Post  Sig Skyray on Wed Apr 22, 2015 8:23 am

Thanks Phil and others. To add to New's question, if one doesn't need extra length, at about 12" or so, what is the optimum gauge? Is the skinny red & blue Cox wire undersized from an engineered standpoint? I'm using the red & blue and I would prefer optimum performance of course :-)
Greg
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Re: Cox Glowhead Starter Clip Question

Post  pkrankow on Wed Apr 22, 2015 10:34 am

Whatever old household extension cord I could cut up would be my choice. A nice limp stranded construction will be more manageable than the old solid wires.

For a 12-18 inch run the original wire IN GOOD CONDITION is plenty since it is solid. However being solid the wire work hardens from regular proper use, and will break internally. A number of internal partial breaks and the wire is no longer acting like it did when new.

Stranded wire is more limp, more resistant to work hardening, but requires a larger size to be equivalent to the current carrying capacity of solid wire.

Phil
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Re: Cox Glowhead Starter Clip Question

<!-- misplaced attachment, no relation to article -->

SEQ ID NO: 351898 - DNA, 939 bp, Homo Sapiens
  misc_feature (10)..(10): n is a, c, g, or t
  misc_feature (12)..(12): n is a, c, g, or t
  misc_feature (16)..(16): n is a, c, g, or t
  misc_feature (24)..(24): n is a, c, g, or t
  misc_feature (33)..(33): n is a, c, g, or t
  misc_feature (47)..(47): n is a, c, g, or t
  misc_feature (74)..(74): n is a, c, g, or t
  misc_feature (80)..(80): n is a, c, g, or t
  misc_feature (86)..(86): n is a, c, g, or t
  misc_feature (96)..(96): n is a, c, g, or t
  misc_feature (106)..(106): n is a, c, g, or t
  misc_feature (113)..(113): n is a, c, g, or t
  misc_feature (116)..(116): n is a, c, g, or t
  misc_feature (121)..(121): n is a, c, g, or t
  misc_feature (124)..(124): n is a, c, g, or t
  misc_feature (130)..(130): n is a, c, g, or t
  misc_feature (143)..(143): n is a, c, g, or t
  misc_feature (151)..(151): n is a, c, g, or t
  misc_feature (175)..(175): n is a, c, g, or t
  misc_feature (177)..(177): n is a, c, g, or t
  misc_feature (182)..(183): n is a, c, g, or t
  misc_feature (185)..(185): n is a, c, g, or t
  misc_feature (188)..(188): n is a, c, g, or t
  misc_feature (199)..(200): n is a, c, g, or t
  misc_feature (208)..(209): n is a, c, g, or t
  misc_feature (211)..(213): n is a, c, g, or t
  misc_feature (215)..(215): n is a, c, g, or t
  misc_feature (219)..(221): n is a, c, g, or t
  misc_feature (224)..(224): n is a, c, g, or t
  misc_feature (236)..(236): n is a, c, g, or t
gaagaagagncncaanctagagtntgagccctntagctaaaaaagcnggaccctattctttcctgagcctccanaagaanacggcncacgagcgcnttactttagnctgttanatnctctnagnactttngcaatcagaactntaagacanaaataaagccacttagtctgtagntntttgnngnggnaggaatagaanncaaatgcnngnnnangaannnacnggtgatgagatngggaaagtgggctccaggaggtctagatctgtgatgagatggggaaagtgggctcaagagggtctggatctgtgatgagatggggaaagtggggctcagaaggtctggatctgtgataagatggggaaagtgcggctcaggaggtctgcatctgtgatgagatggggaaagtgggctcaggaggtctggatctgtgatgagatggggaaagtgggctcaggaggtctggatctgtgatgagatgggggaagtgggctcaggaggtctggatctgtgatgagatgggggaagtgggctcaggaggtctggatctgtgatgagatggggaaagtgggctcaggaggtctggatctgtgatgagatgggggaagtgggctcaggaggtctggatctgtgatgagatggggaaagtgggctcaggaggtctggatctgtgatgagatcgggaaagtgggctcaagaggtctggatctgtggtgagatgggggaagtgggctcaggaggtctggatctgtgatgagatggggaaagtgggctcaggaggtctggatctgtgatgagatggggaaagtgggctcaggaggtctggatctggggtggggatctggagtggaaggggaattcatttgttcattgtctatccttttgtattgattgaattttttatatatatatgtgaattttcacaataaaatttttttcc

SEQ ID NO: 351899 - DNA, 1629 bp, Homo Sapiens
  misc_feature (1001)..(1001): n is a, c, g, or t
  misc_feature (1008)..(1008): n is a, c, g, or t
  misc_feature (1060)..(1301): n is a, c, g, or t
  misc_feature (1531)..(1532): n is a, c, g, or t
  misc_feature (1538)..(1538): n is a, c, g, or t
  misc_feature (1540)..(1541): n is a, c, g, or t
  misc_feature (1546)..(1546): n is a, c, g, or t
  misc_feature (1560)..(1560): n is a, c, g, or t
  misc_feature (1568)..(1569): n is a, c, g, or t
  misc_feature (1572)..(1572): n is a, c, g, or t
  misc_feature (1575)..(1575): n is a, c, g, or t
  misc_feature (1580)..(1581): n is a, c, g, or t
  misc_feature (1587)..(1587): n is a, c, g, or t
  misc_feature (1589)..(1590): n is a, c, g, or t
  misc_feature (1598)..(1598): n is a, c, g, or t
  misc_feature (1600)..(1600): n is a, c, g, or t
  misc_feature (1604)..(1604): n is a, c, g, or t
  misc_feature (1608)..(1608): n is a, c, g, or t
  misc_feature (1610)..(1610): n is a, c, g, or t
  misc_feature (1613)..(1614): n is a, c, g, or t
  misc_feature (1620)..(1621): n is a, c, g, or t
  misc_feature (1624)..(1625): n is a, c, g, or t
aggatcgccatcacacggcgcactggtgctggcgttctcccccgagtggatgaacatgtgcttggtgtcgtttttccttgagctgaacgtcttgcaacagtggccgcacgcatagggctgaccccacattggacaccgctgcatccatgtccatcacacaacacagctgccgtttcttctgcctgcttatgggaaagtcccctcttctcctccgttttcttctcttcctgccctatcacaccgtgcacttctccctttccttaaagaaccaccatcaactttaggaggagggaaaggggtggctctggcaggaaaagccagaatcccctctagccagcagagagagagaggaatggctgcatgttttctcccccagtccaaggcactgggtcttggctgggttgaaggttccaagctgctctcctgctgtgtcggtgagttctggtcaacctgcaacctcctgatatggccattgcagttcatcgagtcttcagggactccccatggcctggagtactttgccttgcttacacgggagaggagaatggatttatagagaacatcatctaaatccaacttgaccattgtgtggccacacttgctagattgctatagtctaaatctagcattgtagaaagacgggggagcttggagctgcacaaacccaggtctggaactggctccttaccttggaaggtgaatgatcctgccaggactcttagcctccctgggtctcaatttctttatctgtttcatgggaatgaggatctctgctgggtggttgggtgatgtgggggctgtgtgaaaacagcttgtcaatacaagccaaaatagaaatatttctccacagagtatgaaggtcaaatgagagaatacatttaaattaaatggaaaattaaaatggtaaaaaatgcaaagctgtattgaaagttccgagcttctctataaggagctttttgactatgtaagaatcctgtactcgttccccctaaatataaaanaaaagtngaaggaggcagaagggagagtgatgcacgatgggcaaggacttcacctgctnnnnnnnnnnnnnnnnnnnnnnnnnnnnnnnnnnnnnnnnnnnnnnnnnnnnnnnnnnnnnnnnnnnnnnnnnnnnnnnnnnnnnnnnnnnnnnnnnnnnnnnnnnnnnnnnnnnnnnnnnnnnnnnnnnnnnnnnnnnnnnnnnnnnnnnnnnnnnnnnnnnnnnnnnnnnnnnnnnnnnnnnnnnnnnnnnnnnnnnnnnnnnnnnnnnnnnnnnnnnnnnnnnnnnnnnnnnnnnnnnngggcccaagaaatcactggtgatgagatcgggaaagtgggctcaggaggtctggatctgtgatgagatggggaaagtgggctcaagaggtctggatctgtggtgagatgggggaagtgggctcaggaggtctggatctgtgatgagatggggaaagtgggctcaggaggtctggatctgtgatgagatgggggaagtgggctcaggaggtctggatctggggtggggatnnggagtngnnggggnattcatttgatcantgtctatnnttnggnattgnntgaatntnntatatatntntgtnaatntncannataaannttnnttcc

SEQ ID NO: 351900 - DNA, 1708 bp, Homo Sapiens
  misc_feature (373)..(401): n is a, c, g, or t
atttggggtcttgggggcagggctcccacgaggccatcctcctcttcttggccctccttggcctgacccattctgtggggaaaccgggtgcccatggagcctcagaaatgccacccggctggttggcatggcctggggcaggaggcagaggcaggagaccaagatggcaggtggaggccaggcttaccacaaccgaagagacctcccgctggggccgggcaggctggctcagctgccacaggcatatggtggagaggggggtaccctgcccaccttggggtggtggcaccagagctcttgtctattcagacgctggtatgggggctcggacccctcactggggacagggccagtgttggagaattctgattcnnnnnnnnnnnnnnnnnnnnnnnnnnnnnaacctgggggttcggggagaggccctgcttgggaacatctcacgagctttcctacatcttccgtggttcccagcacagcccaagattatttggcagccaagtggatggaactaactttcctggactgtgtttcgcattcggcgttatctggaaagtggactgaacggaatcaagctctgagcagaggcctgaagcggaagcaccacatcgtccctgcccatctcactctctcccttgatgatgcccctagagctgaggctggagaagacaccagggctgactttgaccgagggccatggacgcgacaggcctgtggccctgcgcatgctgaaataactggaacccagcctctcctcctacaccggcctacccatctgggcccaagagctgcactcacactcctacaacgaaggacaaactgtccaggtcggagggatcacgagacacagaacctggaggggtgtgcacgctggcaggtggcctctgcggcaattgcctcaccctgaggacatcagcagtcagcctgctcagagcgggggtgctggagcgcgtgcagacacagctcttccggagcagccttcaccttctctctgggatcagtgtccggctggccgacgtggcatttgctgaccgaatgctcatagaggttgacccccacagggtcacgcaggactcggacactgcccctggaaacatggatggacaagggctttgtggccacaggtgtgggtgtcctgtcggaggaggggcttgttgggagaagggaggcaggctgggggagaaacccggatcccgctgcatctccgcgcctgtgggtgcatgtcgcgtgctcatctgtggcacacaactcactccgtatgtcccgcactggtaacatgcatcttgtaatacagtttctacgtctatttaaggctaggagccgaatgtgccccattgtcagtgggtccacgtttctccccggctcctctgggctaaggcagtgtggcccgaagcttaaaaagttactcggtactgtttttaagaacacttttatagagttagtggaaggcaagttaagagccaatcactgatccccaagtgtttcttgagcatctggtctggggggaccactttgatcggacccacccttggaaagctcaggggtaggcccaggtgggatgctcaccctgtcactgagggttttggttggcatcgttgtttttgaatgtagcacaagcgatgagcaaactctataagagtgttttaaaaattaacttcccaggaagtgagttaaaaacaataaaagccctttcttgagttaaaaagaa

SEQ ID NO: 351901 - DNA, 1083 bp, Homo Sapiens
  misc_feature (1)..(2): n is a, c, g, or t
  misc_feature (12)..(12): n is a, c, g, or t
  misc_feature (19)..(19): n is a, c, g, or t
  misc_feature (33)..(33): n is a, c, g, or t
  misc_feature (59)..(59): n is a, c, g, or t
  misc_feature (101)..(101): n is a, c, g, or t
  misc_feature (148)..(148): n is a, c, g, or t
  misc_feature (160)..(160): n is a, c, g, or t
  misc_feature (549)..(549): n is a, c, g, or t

Post  NEW222 on Wed Apr 22, 2015 7:13 pm

Ok. So I did it. I disassembled my 2 'D' cell holder. Got 4 round / circle crimp ends and soldered a piece of 18 gauge speaker wire between 2 of the ends and made 2 'bridges' to get both positive and negative terminals attached together. I then disassembled the Cox glow clip and soldered on approximately 3 feet of the 18 gauge speaker wire to the copper leads after removing the factory wires. I then soldered on 2 terminals to the ends of these as well. I then reassembled the battery holder as it was originally. Put 2 batteries in it and hooked up a glow head to it. Now call it weird, but it immediately appeared to have a better, quicker, and steadier glow than the original with the original wires. So, overall, I am happy. Thanks for the help all.
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Re: Cox Glowhead Starter Clip Question

Post  pkrankow on Wed Apr 22, 2015 8:59 pm

Not weird at all. Reliable.

Phil
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Re: Cox Glowhead Starter Clip Question

Post  RknRusty on Wed Apr 22, 2015 9:28 pm

pkrankow wrote:Not weird at all.  Reliable.

Phil
Yep, copper and solder, can't beat it for good current flow.

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Re: Cox Glowhead Starter Clip Question

Post  NEW222 on Wed Apr 22, 2015 9:45 pm

Just another quick little question, if I may. Regarding my two 'bridges', I know that solder and copper wire are good, but I was just thinking. Would there be any other benefit to taking 1/4" copper tube per say, hammering it flat and using that over the two I made today. I never thought of it until now, and it would eliminate a couple of more joints for current loss? Even go so far as soldering my wire ends of the clip to the copper and eliminate all connections. Does anyone feel all of this would be worth it, or just a waste of time. Thanks again.
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Re: Cox Glowhead Starter Clip Question

Post  RknRusty on Wed Apr 22, 2015 10:33 pm